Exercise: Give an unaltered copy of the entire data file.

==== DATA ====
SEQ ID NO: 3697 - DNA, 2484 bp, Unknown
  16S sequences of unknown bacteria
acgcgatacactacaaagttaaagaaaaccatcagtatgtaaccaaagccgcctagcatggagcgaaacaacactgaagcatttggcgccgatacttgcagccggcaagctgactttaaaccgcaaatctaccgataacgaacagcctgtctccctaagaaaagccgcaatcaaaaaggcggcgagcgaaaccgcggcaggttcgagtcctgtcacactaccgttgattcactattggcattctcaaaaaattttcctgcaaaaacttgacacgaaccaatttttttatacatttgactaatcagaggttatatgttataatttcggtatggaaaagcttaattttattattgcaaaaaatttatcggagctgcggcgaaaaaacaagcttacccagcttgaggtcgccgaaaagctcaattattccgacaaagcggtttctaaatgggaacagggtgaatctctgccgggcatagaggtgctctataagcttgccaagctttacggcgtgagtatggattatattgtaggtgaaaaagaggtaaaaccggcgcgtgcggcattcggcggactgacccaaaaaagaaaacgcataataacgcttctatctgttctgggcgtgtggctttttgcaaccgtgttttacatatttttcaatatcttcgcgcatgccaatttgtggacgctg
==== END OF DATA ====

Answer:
SEQ ID NO: 3697 - DNA, 2484 bp, Unknown
  16S sequences of unknown bacteria
acgcgatacactacaaagttaaagaaaaccatcagtatgtaaccaaagccgcctagcatggagcgaaacaacactgaagcatttggcgccgatacttgcagccggcaagctgactttaaaccgcaaatctaccgataacgaacagcctgtctccctaagaaaagccgcaatcaaaaaggcggcgagcgaaaccgcggcaggttcgagtcctgtcacactaccgttgattcactattggcattctcaaaaaattttcctgcaaaaacttgacacgaaccaatttttttatacatttgactaatcagaggttatatgttataatttcggtatggaaaagcttaattttattattgcaaaaaatttatcggagctgcggcgaaaaaacaagcttacccagcttgaggtcgccgaaaagctcaattattccgacaaagcggtttctaaatgggaacagggtgaatctctgccgggcatagaggtgctctataagcttgccaagctttacggcgtgagtatggattatattgtaggtgaaaaagaggtaaaaccggcgcgtgcggcattcggcggactgacccaaaaaagaaaacgcataataacgcttctatctgttctgggcgtgtggctttttgcaaccgtgttttacatatttttcaatatcttcgcgcatgccaatttgtggacgctg